Mikhail Pokrovsky

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M.N. Pokrovsky (1868-1932), Soviet historian.

Mikhail Nikolayevich Pokrovsky (Russian: Михаи́л Никола́евич Покро́вский, August 29 [O.S. August 17] 1868 – April 10, 1932) was a Bolshevik Russian historian. He was born and died in Moscow.

Biography[edit]

Pokrovsky graduated from Moscow University in 1891. A Bolshevik from 1905, Pokrovsky emphasized Marxist theory and the brutality of the upper classes in his Russian History from the Most Ancient Times (1910–13), downplaying the role of personality in favour of economics as the driving force of history. He wrote a Brief History of Russia, published in 1920 to much acclaim from Vladimir Lenin, who said in the preface to the first edition that he "like[d] the book immensely". Pokrovsky was head of the Institute of Red Professors from 1921-31. In 1929, he was elected to the Soviet Academy of Sciences. He played a major role in the destruction of the non-Marxist historical tradition in Russia; Peter Gran writes:

In 1929, the Cultural Revolution struck the field of history when the Institute of History was transferred from the Russian Association of Scientific Institutes for Research in the Social Sciences to the Communist Academy, and the government changed the institute's official function from research to buttressing the positions espoused by the political elite and contributing generally to the agitation and propaganda for Marxist-Leninism. A historian close to the power structure, Pokrovsky, ran the Communist Academy. He made no effort, however, to protect his colleagues in the institute. To the contrary, he expelled and drove into exile a number of prominent historians, and in the process some of these historians met their deaths. Evidence from the period suggests that for all Pokrovsky's prestige, many of his fellow historians did not respect him. They continued to pursue their traditional historical scholarship by paying lip service to Marxist-Leninism and by avoiding domains of special concern to the party. Pokrovsky, nonetheless, was the dominant historian of the period in the view of many scholars...[1]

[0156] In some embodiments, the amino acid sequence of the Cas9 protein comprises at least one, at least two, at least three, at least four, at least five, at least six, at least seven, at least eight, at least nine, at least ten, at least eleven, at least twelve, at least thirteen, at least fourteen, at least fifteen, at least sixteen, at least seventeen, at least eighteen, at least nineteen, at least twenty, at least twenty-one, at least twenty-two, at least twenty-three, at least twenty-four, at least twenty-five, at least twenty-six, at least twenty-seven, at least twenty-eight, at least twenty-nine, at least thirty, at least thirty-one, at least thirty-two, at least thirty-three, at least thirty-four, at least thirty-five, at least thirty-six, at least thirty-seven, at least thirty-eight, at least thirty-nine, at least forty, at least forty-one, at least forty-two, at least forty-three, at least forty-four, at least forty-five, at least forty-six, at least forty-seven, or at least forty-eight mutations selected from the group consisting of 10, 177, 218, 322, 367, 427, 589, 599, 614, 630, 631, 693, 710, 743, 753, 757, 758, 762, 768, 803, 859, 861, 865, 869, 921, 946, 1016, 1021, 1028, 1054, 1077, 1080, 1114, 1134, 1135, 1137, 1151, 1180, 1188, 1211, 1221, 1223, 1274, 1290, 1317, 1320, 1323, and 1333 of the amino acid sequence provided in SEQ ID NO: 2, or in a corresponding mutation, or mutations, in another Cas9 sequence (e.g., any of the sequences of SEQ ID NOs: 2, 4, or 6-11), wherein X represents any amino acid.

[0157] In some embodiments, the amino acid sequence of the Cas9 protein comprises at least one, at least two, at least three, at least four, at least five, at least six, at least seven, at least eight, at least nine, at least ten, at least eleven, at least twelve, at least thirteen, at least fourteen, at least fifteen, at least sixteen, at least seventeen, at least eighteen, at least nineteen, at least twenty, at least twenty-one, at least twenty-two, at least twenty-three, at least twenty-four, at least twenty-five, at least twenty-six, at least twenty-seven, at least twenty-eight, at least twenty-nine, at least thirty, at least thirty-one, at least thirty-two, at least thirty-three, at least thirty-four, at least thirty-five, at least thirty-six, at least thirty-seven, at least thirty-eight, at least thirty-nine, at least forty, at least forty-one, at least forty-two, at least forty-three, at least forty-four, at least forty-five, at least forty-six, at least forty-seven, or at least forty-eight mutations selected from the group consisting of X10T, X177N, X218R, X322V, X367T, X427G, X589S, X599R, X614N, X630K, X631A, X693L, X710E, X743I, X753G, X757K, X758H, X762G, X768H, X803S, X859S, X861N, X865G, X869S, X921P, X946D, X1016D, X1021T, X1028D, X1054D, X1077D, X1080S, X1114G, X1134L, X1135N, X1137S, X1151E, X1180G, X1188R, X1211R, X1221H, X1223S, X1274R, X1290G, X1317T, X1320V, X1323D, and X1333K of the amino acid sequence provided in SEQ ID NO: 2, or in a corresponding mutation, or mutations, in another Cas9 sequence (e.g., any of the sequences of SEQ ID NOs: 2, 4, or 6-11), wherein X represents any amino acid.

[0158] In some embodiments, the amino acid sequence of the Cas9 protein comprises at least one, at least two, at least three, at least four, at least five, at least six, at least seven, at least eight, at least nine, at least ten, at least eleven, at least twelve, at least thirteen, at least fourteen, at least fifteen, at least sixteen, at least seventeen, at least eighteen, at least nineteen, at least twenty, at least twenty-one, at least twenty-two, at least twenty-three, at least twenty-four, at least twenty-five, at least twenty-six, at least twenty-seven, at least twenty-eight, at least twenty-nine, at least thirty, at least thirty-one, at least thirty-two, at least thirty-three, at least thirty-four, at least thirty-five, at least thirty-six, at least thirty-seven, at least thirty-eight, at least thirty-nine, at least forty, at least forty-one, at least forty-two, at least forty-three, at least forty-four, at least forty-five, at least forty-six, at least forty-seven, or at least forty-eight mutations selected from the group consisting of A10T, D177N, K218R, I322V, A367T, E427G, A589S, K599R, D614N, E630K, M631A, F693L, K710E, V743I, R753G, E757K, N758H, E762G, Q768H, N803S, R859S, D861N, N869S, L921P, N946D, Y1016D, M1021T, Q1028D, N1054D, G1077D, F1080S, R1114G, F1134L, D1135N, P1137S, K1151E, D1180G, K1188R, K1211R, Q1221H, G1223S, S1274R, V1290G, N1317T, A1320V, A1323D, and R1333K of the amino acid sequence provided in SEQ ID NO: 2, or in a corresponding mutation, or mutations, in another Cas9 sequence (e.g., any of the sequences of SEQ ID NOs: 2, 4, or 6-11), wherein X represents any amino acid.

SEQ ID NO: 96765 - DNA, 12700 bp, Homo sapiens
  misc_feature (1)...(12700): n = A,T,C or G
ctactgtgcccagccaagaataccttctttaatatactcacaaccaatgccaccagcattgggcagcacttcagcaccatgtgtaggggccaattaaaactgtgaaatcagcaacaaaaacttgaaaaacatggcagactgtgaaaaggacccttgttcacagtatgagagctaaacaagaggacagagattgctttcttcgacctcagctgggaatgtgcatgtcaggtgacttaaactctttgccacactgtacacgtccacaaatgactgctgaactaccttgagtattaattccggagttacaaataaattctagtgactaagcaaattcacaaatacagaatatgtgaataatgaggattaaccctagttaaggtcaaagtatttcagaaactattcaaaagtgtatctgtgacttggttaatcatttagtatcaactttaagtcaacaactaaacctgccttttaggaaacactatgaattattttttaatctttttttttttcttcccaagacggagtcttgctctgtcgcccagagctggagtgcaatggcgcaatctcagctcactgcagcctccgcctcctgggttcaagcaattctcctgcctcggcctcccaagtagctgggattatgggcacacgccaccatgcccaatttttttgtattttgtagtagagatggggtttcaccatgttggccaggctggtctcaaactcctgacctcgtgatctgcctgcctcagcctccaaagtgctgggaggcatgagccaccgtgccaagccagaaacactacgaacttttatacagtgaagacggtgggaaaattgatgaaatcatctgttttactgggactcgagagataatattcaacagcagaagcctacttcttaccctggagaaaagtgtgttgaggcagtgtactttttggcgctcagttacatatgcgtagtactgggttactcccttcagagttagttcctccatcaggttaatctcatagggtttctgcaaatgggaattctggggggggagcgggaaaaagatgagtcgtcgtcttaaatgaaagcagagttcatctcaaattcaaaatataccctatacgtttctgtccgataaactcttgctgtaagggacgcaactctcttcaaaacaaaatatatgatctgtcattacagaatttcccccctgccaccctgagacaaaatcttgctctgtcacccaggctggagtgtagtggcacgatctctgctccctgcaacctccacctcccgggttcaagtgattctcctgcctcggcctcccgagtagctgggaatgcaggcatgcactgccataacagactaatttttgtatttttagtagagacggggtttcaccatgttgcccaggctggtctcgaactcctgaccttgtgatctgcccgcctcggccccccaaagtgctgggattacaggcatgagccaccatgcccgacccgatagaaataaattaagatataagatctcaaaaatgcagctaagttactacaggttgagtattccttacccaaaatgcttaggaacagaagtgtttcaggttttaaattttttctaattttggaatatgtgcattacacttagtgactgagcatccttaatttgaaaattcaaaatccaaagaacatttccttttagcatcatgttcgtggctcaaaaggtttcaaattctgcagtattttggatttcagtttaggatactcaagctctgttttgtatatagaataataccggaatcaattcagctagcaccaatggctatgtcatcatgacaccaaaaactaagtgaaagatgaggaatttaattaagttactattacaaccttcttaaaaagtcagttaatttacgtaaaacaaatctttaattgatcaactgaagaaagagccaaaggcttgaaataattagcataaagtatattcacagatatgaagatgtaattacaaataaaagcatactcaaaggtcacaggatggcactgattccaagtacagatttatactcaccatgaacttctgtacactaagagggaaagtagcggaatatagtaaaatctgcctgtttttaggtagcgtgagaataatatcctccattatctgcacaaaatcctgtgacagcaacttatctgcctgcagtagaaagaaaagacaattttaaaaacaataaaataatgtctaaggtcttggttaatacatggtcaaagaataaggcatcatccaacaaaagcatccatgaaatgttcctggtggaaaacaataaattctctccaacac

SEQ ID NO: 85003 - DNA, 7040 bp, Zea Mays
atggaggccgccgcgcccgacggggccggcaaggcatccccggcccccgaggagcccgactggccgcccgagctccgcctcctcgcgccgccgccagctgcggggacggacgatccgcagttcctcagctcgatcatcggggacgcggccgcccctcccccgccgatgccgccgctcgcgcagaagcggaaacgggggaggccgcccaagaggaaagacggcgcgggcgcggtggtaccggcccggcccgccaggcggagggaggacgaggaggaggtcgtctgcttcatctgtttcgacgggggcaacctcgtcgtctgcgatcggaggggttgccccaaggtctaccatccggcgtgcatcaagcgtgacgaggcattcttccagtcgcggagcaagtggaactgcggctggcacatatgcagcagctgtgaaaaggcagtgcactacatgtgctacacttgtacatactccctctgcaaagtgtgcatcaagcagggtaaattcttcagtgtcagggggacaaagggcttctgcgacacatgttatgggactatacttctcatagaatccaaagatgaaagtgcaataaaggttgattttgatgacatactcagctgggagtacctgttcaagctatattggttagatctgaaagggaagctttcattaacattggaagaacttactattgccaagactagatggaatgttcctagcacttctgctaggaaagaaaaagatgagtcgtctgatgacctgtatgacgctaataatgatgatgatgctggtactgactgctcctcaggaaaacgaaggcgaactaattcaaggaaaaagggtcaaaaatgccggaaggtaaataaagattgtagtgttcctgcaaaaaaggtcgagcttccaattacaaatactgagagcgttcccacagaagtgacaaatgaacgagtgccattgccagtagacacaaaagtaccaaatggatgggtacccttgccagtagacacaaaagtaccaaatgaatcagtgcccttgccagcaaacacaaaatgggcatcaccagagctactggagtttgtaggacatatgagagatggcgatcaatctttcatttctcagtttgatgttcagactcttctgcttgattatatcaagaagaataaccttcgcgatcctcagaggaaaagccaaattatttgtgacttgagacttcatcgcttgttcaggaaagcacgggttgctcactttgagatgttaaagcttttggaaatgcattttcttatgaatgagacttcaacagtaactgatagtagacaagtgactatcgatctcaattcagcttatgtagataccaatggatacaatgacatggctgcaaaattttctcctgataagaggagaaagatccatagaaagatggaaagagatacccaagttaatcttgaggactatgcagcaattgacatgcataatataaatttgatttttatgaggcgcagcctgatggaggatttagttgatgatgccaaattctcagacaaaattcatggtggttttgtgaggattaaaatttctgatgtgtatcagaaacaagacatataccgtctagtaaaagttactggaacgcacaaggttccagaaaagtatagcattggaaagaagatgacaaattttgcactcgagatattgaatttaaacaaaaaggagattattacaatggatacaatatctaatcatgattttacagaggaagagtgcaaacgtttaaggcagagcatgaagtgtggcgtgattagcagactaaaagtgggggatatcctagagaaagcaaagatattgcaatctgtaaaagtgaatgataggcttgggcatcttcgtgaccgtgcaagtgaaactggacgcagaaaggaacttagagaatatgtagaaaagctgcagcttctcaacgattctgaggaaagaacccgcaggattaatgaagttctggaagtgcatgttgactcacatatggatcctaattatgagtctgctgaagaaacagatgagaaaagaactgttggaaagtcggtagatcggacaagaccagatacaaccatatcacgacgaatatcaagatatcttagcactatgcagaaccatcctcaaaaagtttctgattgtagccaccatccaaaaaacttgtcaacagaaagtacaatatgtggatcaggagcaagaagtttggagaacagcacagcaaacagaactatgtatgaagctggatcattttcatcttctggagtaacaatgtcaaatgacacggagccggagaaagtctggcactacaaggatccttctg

Posthumously, the Communist Party accused Pokrovsky of "vulgar sociologism", and his books were banned. It has been suggested that his works lost favor because their opposition to "great men" history contradicted Joseph Stalin's cult of personality. After Stalin's death and the subsequent renouncement of his policies by the Communist Party, Pokrovsky's work regained some influence. His perspective, originally praised by the Bolsheviks, had a decidedly anti-Russian nationalist character, with a resurgence of Russian patriotism under Stalin, especially during World War II, his historiographical perspective was de-emphasized and replaced by new historical interpretations which praised the role of Russians.

See also[edit]

Footnotes[edit]

  1. ^ Peter Gran, Beyond Eurocentrism: A New View of Modern World History (Syracuse University Press, 1996: ISBN 0-8156-2692-4), p. 50.

Works[edit]

  • 7 let proletarskoi diktatury (7 years of proletarian dictatorship). Moscow: Gosudarstvennoe Izdatel'stvo, n.d. (1924).
  • Brief History of Russia. In two volumes. D.S. Mirsky, trans. New York: International Publishers, 1933.
  • Izbrannye proizvedeniia v chetyrekh knigakh (Selected Works in four volumes). Moscow: Mysl, 1966.
  • Russia in World History: Selected Essays. Roman Szporluk and Mary Ann Szporluk, trans. Ann Arbor, MI: University of Michigan Press, 1970.

Sources[edit]

Political offices
Preceded by
Victor Nogin
Mayor of Moscow
November 1917–March 1918
Succeeded by
Pyotr Smidovich